Summary: The witness of the apostles to the Resurrection challenges us to face the mystery of our own existence and life, and adopt a way of life that would inspire others at our own funerals.
Monday of Easter Week
Gaudium et Spes
Fifty-one days. What a difference fifty-one days can make, if Jesus Christ and the Spirit of Jesus Christ permeates those days. Look at the followers of Jesus in the wake of His arrest, torture and execution. They were cowering in a little upper room in Jerusalem, fearful of what the next step of the authorities would be. The crowds that just a week before had hailed Jesus as the Messiah and King had seemingly forgotten Him. Their blood-lust had been quenched by the obvious injustice of Jesus’s murder; the gospels record the fact that they had slunk away from Calvary beating their breasts. Maybe it was the prayer-tone of Jesus on the cross, his recitation of the psalms of David. Maybe it was the earthquake that shook the city. And then there was the rumor that just as the priests were slaughtering the Passover lambs in the Temple court, and the earthquake was shaking up the whole city, the Temple veil hiding the Holiest place had been ripped in two mysteriously. But during the Feast of Unleavened Bread, there was quiet in the city. Still, the disciples were understandably nervous.
The stories of what happened next are disjointed, as eyewitness accounts tend to be. In fact, if eyewitnesses all agree on the facts of a case, investigators always suspect a conspiracy. Some of the Easter stories seem to say Mary Magdalene alone was at the tomb; this story in Matthew, which has the ring of authenticity because of the need to wash and anoint the body before corruption set in, envisions several women encountering Jesus. Did they see an angel or not? How many angels? No matter. All of them are in agreement on the fundamental point: Jesus was dead, but is encountered in person as alive. At one point several hundred people saw and heard Him at the same time. What about the guard at the tomb? They were bought off by the Jewish authorities. That, too, has the ring of authenticity. If anyone wants to advance an alternate theory of the Resurrection, he has to overcome one undeniable fact–hundreds of His disciples went to their deaths rather than deny what they saw and heard and touched. Jesus died and rose again, and sent the Holy Spirit upon them, and miracles they worked attested to that reality.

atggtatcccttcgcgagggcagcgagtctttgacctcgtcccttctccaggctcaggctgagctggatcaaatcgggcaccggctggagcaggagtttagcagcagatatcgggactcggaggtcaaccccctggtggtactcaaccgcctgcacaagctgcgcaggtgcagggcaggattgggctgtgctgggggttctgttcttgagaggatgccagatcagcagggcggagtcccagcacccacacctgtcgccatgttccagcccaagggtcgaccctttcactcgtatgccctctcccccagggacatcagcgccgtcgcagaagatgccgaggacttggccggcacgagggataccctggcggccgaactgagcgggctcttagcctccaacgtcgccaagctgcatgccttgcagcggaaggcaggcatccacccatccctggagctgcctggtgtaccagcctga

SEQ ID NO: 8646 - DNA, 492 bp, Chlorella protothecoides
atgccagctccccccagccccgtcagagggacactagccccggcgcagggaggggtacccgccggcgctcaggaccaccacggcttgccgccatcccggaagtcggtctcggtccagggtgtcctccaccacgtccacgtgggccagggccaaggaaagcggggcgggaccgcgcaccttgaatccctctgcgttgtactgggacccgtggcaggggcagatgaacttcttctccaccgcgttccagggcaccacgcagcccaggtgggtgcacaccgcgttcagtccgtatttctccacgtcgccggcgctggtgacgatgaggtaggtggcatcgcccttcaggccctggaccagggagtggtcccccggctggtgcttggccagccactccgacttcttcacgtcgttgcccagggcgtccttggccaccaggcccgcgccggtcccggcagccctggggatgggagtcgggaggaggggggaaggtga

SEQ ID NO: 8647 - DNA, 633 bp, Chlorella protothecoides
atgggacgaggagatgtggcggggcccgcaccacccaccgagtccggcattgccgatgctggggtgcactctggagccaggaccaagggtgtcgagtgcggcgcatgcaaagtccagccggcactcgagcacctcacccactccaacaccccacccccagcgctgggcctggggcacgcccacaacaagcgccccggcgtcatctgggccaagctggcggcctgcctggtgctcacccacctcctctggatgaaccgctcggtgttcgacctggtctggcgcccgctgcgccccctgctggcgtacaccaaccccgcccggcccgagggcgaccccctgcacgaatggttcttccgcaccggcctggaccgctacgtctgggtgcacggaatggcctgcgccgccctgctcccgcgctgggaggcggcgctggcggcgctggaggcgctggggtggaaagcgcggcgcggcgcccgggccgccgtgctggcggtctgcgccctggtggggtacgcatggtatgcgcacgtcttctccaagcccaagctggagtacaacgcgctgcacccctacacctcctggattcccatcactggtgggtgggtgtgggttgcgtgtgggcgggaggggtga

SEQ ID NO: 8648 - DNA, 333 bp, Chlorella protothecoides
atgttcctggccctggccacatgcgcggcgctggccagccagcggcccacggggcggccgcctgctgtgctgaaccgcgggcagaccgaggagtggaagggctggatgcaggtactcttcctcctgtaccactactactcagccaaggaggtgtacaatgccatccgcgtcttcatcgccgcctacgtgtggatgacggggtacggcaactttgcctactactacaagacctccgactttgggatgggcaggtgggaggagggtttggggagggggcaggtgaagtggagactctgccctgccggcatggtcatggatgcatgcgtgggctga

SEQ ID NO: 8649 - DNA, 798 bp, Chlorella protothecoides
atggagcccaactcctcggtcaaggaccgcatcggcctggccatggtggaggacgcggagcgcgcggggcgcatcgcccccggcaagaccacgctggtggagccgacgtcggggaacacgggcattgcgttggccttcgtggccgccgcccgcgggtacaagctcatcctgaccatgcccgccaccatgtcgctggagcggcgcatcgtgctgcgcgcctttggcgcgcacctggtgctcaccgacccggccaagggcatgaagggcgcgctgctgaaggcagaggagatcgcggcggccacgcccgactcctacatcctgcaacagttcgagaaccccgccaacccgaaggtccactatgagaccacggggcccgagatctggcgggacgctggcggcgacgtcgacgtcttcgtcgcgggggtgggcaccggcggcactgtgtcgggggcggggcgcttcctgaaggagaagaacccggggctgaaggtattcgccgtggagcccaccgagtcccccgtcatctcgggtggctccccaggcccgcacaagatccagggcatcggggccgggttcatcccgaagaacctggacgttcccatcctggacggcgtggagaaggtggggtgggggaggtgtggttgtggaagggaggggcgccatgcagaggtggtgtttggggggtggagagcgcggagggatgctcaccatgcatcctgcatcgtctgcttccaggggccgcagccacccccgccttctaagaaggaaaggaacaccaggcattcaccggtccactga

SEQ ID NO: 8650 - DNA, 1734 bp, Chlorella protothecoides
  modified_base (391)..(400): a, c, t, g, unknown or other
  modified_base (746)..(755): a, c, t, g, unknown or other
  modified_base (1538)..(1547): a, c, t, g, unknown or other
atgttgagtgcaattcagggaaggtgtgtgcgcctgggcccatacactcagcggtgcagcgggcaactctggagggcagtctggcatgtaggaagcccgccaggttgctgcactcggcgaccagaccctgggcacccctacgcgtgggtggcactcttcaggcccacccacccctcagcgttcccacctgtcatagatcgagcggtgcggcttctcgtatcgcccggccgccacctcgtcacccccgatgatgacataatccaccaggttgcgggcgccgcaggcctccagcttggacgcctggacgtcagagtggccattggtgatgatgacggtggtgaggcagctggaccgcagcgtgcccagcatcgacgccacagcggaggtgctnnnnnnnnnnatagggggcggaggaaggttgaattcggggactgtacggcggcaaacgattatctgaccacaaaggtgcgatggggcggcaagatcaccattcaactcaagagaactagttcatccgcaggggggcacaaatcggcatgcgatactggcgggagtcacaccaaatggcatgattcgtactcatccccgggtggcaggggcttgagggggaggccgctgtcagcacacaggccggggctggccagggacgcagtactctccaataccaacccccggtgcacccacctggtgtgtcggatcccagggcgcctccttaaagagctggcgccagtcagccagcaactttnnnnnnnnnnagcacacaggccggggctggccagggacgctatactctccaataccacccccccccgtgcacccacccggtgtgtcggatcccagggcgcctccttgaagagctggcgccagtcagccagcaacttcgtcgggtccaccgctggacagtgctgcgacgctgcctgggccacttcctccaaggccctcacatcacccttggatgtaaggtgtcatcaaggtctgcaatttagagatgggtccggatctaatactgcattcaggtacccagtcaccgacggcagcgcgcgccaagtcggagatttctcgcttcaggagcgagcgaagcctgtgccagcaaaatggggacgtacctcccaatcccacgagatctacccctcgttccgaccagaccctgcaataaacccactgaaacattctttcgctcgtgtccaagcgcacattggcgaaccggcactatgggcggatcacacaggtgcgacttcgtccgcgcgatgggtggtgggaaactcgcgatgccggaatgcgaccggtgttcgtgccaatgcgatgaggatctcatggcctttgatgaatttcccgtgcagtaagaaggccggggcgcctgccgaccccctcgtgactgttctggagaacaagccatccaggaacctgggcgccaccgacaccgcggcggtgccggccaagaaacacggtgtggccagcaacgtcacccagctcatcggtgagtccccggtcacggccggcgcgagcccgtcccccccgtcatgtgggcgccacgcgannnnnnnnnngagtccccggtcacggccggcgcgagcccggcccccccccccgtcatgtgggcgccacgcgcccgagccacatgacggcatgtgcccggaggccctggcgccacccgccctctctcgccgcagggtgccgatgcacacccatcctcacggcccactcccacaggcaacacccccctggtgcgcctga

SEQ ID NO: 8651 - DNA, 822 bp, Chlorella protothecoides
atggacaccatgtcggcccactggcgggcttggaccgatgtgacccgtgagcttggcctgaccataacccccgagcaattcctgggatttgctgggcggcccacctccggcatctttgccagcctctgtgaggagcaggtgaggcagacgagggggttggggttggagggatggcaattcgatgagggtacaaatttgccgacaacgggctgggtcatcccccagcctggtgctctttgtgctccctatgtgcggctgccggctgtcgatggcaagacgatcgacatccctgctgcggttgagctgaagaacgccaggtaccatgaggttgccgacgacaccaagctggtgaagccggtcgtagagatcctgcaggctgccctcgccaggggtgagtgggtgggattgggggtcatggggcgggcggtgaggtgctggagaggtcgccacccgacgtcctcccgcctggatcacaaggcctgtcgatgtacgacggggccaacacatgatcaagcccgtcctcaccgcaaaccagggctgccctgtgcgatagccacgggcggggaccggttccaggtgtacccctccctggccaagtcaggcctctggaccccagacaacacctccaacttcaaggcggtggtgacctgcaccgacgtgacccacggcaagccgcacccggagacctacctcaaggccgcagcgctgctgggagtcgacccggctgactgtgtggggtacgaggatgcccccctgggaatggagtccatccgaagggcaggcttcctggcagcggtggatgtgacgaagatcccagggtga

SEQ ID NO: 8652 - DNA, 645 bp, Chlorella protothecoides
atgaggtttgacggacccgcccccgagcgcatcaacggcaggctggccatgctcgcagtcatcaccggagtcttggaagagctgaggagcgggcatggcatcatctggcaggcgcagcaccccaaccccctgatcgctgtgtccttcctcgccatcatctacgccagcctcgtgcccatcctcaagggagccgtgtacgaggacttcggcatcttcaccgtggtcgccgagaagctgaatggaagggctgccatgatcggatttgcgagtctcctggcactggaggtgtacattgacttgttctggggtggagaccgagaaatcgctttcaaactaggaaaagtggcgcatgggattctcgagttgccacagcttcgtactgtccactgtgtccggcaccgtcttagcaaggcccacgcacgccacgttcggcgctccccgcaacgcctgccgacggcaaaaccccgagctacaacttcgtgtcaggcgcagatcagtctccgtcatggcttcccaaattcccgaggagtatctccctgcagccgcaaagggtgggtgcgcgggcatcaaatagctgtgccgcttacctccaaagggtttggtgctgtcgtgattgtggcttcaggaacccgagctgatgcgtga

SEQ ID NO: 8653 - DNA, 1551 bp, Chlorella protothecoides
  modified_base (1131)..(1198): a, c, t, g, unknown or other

There’s something else that we cannot deny, something the Fathers of the Council put like this: “Through Christ and in Christ, the riddles of sorrow and death grow meaningful. Apart from His Gospel, they overwhelm us.”
Jesus passed through a portal that all of us must face. Those of us who are in the last half of our lives see that most clearly, mostly because our parents have died or are dying and we are the generation on the mortality front-lines. We have aches and pains and organs that don’t work quite right that constantly remind us that we don’t buy life insurance to care for our loved ones “if” we die, but “when” we die.
As St. Paul says starkly, if Christ is not risen, then we are the greatest of fools, because we profess faith in a false myth and fast and pray and give alms when the logical response to Christ not being risen is to spend our time and money enjoying ourselves. No. The Christian employs the first and third theological virtues–faith and love–in light of the second. We hope, like Peter, to benefit from the fruits of Christ’s being raised from the dead. In Baptism, we die with Christ so that when we take our last breath, beat our last heartbeat, fashion our last enzyme, we may pass into the loving arms of the everlasting Father. Without that life-giving connection to Jesus Christ, our own life and death lose all meaning, and the very existence of humanity has the appearance of a cosmic joke.